A vote this week by the Baja California Congress to extend the mandate of the state’s governor-elect, Jaime Bonilla, from two to five years has been widely condemned.
The latest criticism came from National Electoral Institute (INE) councilor Pamela San Martín, who described the move as unconstitutional.
“It overrides jurisdictional decisions, and violates the election of June 2 when voters chose a governor for two years, not five.”
Bonilla, a member of the Morena party, was elected on June 2 of this year, and will take office on November 1.
A 2014 constitutional change mandated that the governor elected in 2019 would serve a two-year term, a change whose goal was to align the state’s gubernatorial elections with federal midterm elections, which take place three years after a presidential vote.
But on Monday, Congress passed legislation to extend Bonilla’s term to five years. Bonilla will serve as governor until 2024, meaning that the gubernatorial election will align with that for the president.
The bill was proposed by Morena Deputy Victor Manuel Morán Hernández, who argued that a two-year term for the governor would be too expensive. Of the 25 deputies in the state Congress, 21 voted in favor, including nine members of the National Action Party (PAN), which holds a plurality of 12 in the legislature.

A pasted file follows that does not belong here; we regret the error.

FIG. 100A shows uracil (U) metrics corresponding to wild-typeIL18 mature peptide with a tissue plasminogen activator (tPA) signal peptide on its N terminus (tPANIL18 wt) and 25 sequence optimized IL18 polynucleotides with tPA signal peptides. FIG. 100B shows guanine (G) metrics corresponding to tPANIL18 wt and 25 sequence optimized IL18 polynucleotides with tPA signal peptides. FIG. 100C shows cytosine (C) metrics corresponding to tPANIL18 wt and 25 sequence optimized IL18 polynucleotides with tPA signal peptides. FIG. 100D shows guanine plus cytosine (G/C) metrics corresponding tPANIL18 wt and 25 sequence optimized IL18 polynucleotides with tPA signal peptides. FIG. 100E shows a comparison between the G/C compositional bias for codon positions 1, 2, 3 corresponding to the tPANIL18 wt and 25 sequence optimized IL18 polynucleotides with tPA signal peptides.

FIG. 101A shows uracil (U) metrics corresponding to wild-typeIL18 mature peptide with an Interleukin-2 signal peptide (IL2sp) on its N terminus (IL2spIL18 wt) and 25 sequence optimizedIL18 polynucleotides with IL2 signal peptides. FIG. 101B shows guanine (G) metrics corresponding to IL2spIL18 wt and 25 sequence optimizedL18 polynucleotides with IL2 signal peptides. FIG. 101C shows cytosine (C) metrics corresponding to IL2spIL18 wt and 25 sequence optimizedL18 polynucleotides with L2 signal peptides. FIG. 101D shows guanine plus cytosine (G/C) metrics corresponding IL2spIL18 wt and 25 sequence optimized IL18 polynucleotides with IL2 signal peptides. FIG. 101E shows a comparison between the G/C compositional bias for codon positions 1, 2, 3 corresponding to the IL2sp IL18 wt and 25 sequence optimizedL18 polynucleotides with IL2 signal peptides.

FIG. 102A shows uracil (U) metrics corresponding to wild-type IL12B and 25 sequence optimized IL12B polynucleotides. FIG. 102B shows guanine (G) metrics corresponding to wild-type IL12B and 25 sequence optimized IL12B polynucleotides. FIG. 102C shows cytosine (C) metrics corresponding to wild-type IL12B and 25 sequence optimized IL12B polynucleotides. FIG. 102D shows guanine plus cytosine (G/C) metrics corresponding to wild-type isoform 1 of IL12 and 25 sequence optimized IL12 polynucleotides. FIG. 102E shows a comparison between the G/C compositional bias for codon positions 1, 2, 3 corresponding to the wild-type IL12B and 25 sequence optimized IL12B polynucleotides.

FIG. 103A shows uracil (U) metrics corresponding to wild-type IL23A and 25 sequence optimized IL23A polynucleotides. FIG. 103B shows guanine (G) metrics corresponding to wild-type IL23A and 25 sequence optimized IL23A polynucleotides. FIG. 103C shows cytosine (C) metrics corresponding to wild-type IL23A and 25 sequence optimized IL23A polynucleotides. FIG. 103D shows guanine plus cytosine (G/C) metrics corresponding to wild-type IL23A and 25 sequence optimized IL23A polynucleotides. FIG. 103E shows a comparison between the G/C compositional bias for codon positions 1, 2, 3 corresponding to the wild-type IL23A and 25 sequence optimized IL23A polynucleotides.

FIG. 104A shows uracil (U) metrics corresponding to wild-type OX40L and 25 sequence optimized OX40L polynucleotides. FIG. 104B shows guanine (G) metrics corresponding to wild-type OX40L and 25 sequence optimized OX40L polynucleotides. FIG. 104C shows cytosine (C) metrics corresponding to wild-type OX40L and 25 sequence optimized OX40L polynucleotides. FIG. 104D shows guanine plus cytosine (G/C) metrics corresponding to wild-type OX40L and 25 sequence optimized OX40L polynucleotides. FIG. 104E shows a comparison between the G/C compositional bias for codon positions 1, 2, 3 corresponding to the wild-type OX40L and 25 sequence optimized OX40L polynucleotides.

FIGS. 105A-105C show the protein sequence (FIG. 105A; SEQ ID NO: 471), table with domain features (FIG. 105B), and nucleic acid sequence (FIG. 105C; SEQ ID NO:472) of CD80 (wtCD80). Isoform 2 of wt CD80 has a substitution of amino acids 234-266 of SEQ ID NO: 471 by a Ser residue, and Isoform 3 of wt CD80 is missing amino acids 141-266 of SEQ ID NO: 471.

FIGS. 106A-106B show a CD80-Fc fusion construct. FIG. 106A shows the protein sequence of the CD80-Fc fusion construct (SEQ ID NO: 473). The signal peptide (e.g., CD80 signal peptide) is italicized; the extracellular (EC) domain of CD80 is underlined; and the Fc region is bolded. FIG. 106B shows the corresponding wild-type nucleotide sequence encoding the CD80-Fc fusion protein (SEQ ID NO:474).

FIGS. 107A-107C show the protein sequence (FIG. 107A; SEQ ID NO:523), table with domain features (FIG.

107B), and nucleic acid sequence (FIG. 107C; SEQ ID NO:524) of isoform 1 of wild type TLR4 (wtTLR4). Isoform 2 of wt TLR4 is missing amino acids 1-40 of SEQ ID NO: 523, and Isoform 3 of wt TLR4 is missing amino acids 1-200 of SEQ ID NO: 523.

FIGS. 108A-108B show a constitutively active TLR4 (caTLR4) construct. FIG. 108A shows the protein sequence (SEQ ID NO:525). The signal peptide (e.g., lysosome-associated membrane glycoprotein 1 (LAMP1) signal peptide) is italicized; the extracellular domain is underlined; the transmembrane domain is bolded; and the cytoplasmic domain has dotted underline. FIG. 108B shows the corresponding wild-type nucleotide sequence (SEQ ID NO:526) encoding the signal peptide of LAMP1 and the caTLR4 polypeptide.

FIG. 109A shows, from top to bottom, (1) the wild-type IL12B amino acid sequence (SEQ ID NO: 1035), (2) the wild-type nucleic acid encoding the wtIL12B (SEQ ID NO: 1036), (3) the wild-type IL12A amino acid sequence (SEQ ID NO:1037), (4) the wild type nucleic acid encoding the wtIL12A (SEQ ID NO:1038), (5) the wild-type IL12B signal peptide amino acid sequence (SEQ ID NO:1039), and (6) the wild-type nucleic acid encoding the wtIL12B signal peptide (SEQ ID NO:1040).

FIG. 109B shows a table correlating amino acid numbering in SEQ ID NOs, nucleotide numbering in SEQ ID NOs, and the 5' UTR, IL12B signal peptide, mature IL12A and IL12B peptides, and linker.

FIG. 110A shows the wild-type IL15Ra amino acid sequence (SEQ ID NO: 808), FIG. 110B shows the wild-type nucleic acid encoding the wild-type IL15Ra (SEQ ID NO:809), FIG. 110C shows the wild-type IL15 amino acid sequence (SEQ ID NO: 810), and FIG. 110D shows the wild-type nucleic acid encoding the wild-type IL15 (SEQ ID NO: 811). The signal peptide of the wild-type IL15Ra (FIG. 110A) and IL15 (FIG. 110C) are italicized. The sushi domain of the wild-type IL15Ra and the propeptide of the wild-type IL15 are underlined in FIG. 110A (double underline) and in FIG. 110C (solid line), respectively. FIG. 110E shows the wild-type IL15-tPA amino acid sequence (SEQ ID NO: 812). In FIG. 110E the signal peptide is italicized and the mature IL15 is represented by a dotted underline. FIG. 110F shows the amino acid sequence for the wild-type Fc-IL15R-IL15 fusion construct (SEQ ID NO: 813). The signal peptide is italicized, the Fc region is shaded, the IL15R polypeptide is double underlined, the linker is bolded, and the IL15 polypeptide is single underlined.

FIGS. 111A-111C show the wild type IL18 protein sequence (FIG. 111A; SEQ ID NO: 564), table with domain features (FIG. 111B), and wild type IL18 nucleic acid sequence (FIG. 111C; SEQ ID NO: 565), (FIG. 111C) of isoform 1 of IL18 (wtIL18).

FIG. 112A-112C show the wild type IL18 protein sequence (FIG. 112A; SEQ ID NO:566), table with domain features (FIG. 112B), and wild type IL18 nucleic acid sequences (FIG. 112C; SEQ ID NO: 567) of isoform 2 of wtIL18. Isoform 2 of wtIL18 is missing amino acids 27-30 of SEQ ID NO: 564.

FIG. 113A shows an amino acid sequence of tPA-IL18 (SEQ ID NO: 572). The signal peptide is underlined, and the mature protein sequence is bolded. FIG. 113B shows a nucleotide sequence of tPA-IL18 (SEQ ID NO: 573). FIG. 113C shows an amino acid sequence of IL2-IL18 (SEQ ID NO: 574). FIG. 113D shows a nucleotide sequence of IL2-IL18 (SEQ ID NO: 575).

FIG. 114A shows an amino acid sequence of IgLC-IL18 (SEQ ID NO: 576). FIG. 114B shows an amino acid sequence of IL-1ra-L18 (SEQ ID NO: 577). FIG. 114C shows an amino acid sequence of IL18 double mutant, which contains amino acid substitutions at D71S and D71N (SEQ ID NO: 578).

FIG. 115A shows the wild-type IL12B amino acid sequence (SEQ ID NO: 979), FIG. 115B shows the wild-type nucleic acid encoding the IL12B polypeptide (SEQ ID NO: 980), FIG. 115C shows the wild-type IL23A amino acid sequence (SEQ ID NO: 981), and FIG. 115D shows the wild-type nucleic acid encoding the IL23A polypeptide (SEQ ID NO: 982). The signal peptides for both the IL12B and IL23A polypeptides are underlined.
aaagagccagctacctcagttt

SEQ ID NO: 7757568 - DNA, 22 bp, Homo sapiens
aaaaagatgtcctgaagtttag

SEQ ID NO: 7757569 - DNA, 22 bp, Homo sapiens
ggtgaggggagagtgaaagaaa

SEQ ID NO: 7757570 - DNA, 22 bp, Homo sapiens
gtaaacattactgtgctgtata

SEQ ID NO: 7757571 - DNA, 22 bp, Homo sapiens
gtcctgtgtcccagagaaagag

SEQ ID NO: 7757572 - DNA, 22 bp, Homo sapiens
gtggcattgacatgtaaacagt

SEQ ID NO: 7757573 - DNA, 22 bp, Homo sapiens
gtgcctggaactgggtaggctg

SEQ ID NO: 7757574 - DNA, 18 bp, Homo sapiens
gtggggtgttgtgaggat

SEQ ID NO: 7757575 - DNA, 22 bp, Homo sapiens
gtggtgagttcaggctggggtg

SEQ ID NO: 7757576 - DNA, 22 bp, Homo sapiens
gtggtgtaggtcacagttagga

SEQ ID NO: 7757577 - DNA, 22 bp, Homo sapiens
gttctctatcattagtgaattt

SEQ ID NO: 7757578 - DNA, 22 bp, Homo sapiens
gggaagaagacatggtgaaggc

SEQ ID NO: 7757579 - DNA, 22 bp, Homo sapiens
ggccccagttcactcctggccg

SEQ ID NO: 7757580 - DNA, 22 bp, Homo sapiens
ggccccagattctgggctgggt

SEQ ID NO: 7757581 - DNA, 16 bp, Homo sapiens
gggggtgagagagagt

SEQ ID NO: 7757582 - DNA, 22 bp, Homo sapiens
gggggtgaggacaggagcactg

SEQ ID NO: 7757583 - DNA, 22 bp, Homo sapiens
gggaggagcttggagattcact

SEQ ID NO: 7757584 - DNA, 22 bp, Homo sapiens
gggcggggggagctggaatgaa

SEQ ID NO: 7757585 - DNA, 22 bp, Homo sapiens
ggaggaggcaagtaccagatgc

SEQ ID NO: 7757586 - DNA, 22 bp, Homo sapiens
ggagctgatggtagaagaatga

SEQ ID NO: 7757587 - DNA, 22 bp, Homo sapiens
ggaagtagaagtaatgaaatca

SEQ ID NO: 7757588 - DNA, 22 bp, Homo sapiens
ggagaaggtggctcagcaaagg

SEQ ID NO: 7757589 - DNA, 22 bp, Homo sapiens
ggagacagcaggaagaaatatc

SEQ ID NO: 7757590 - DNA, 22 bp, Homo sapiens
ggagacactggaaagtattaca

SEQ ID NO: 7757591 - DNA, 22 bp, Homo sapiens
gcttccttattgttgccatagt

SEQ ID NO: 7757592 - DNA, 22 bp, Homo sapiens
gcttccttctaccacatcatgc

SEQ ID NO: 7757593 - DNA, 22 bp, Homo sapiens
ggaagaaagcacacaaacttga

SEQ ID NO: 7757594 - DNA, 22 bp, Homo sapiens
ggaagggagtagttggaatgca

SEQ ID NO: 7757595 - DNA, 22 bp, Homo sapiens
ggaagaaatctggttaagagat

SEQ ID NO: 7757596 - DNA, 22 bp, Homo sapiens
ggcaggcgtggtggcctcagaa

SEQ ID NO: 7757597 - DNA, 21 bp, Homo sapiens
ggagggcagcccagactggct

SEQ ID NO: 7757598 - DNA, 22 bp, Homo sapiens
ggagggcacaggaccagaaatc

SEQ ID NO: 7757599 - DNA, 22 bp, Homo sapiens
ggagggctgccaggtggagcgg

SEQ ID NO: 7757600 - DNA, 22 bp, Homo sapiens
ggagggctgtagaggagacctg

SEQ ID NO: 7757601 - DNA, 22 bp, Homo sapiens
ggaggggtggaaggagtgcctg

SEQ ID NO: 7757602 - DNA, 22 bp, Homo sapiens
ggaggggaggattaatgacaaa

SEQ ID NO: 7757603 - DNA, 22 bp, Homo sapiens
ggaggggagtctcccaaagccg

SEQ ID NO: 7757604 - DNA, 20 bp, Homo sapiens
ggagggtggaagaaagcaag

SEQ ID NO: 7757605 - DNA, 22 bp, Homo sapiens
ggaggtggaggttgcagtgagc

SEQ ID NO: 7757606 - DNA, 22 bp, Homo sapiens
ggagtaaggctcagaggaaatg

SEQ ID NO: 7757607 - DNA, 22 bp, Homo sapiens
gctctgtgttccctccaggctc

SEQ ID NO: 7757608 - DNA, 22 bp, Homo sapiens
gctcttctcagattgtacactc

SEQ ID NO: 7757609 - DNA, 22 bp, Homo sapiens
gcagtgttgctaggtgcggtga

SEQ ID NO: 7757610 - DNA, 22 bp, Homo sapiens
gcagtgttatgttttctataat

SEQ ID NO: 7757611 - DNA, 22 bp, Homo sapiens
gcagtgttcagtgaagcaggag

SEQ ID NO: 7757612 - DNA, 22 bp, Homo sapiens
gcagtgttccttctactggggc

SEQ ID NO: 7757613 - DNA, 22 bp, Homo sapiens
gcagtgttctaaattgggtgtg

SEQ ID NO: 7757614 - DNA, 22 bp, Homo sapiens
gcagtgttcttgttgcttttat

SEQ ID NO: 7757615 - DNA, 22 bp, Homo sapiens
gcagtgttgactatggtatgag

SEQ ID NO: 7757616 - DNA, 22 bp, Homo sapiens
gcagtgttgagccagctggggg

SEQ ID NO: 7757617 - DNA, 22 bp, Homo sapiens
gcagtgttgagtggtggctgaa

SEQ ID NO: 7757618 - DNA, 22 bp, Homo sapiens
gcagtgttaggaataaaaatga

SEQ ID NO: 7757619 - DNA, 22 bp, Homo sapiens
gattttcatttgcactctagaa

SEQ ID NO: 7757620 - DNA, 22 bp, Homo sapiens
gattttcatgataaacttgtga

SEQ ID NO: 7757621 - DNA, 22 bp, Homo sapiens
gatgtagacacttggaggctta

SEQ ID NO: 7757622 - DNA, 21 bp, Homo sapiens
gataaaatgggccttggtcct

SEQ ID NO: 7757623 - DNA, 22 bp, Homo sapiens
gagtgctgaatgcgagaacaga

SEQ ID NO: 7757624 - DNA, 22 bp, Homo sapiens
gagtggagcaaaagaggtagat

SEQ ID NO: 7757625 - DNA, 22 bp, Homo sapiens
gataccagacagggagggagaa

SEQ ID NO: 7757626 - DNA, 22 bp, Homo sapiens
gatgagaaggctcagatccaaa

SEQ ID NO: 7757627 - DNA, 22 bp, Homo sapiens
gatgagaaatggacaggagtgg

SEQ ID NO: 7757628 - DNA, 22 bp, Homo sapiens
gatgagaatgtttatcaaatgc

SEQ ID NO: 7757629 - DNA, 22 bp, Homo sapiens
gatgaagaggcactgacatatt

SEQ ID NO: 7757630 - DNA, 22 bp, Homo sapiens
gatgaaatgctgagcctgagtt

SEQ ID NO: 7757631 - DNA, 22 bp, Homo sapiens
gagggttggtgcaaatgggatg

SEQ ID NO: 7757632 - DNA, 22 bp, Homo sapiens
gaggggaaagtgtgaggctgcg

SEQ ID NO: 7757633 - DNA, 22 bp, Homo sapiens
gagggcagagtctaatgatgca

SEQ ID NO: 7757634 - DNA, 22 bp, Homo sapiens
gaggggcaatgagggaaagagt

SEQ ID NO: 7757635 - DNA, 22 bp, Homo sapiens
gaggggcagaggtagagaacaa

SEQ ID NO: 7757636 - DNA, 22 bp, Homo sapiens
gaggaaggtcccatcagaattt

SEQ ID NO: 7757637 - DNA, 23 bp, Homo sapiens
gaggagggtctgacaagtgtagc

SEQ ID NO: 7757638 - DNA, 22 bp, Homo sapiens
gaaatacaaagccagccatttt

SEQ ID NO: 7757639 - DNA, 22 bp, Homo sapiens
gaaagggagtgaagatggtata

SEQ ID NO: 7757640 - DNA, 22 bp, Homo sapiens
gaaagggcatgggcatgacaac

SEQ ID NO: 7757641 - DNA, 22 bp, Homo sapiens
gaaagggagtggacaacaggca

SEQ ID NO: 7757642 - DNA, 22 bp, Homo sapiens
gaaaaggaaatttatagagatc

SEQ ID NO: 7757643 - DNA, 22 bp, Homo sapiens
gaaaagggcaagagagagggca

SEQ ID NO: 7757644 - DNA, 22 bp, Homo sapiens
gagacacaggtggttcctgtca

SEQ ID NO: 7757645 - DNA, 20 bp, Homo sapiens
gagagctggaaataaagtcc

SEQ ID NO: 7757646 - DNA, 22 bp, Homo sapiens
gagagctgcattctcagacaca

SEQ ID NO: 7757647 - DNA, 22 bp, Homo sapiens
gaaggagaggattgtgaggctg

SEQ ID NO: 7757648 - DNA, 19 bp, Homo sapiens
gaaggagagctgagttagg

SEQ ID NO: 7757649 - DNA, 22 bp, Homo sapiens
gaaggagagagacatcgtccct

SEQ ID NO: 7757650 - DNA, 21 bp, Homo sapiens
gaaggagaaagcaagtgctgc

Among those condemning the move was the leadership of the PAN, which announced that it will expel the nine deputies who supported the measure. Party president José Luis Ovando Patrón said the party had instructed its deputies not to show up for the scheduled vote, an instruction only two of the 12 deputies heeded.
“They didn’t just betray the PAN, they betrayed the hope of all Baja Californians,” he told a press conference. “They will be expelled immediately. There were clear instructions from the national and state leadership of the party not to allow this type of illegal modification to the law.”
Former presidential candidate and longtime leftist politician Cuauhtémoc Cárdenas also condemned the measure, writing on Twitter that the state Congress “has lost all legitimacy.”
The constitutional change became official on Wednesday morning, when it was approved by three of Baja California’s five municipalities.